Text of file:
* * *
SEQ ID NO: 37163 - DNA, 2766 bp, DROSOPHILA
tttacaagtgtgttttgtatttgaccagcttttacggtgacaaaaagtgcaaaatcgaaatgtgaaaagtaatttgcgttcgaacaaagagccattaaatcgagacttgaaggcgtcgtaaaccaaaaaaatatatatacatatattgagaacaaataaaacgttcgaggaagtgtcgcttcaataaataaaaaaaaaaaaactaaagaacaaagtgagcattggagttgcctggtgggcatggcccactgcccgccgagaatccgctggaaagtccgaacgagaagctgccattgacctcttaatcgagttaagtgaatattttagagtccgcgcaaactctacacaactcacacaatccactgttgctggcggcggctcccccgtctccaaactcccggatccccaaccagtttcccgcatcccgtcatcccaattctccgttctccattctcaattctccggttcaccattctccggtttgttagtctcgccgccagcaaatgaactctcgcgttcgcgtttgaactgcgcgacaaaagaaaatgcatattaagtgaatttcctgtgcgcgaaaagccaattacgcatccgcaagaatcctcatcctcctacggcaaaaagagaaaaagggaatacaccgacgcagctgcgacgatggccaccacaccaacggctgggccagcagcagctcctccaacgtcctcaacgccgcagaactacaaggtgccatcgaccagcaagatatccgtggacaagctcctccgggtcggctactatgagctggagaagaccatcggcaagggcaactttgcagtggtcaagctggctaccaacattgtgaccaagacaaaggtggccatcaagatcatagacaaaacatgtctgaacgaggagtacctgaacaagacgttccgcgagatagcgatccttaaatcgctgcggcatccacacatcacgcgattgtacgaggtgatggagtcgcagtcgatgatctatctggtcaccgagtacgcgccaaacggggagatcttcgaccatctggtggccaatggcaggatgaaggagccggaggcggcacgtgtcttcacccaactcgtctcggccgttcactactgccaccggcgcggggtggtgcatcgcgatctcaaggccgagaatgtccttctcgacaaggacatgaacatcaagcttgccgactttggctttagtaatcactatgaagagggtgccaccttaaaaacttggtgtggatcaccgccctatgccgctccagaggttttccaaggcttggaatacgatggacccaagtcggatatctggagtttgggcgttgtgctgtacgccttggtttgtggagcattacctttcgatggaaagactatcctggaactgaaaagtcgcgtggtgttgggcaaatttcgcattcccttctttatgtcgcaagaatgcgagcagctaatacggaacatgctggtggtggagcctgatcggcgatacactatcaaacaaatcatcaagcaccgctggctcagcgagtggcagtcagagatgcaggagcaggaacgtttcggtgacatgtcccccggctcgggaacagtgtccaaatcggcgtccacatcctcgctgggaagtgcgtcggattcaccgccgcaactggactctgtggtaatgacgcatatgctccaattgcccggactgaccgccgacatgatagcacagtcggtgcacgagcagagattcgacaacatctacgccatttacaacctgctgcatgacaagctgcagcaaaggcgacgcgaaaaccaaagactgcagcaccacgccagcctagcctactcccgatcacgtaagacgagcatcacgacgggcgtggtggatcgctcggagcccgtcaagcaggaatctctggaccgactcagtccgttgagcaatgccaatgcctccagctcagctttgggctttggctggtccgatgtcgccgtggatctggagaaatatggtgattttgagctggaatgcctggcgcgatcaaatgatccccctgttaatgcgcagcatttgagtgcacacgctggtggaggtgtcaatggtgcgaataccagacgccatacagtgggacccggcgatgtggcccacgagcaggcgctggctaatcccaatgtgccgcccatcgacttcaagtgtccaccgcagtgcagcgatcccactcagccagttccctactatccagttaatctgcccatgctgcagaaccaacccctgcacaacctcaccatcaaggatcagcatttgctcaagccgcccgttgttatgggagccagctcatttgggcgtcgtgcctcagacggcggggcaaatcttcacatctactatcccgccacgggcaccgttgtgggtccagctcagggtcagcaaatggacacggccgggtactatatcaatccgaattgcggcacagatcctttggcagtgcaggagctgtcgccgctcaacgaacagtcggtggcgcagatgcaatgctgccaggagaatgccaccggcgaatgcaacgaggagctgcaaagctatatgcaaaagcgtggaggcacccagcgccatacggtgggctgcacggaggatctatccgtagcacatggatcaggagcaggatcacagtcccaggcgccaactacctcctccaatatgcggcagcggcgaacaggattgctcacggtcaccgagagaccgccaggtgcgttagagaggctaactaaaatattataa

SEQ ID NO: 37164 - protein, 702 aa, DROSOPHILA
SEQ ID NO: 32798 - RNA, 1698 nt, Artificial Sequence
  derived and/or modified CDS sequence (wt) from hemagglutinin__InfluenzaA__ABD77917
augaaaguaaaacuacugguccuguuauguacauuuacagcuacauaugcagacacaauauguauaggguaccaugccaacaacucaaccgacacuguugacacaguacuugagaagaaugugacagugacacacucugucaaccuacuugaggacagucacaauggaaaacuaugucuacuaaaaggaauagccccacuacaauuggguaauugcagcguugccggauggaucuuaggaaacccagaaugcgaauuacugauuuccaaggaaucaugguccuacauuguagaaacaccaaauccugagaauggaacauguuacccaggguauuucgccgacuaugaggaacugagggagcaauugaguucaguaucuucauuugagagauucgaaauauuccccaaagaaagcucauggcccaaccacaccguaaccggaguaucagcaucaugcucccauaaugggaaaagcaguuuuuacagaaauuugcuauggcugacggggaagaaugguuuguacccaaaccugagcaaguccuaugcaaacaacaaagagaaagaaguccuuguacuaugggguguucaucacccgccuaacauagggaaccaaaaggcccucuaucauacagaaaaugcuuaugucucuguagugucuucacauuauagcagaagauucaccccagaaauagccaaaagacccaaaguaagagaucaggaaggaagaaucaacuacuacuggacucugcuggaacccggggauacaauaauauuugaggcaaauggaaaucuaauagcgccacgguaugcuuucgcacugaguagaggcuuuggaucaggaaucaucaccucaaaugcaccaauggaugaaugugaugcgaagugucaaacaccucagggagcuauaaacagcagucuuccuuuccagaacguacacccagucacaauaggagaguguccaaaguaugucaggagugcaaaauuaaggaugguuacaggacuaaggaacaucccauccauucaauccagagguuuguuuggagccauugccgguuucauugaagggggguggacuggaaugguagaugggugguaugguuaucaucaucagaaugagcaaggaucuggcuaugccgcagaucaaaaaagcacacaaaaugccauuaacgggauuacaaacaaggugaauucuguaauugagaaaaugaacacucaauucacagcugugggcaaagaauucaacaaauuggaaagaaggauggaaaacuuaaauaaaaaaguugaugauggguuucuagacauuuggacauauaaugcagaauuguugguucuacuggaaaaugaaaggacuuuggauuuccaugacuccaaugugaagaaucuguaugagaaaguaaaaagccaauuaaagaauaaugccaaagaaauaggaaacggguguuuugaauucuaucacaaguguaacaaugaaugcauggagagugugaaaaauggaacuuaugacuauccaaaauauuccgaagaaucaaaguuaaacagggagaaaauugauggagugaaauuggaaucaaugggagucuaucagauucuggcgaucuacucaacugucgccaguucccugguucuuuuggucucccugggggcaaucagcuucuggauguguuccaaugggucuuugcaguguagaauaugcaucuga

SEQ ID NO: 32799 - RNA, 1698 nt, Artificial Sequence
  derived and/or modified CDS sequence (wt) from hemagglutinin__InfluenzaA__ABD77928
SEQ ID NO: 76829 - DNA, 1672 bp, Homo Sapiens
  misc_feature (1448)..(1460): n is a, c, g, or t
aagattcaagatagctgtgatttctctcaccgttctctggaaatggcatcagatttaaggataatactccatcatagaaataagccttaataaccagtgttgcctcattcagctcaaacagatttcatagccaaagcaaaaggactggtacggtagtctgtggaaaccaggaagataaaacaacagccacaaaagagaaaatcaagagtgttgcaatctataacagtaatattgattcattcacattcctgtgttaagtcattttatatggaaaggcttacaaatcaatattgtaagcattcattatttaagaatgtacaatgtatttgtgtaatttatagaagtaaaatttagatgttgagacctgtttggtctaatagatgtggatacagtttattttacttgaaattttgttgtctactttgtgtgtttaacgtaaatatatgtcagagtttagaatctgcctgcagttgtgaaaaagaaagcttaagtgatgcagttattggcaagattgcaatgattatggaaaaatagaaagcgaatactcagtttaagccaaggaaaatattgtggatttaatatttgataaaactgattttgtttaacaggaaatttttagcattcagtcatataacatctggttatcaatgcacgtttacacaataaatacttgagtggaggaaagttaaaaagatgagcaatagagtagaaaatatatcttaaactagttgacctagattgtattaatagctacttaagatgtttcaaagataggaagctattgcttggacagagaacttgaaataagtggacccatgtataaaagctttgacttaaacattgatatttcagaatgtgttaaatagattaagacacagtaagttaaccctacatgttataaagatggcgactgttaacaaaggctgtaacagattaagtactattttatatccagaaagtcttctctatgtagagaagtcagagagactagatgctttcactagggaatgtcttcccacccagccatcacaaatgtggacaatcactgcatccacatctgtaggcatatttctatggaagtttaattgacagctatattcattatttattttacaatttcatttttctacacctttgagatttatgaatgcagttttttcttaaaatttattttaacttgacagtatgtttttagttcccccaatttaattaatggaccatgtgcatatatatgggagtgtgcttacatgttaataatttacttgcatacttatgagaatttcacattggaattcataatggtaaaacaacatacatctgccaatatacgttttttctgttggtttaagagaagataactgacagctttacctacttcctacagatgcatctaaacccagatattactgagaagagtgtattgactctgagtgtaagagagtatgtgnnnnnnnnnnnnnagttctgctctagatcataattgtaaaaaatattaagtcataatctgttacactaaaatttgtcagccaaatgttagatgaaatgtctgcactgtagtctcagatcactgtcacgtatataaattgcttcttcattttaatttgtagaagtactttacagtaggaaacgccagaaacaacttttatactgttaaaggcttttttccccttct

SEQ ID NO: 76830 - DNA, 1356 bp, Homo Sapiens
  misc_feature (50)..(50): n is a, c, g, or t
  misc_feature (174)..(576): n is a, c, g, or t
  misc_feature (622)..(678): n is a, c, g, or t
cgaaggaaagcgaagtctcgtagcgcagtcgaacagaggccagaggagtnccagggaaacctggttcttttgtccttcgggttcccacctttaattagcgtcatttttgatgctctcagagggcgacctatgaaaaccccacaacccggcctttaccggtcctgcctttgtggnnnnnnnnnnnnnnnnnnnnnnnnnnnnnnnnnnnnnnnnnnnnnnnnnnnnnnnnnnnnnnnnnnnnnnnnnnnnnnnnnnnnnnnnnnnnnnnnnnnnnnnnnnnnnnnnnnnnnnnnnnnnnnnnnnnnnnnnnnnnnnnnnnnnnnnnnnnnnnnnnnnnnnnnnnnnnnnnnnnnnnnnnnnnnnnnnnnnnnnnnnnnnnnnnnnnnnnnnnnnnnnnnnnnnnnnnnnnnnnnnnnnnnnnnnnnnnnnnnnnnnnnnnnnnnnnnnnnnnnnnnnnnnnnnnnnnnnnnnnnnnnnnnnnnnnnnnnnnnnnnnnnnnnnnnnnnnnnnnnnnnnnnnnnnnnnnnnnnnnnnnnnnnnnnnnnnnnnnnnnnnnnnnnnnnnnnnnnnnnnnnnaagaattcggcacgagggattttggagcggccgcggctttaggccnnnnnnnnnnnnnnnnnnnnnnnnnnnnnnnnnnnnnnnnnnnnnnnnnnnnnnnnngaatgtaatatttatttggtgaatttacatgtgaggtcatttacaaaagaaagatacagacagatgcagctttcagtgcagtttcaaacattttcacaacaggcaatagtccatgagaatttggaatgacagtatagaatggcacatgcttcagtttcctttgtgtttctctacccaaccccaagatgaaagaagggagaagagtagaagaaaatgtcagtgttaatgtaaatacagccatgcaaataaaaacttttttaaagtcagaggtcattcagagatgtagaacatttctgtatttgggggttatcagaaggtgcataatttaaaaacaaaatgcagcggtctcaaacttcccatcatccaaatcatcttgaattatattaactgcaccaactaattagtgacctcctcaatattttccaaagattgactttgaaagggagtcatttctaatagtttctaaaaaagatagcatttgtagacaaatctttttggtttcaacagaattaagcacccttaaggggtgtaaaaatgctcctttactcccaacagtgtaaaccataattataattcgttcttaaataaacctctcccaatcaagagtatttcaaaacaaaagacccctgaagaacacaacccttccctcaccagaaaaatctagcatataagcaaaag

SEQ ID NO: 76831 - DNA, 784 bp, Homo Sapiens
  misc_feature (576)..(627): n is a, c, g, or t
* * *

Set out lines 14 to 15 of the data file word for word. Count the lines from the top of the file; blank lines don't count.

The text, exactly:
  misc_feature (174)..(576): n is a, c, g, or t
  misc_feature (622)..(678): n is a, c, g, or t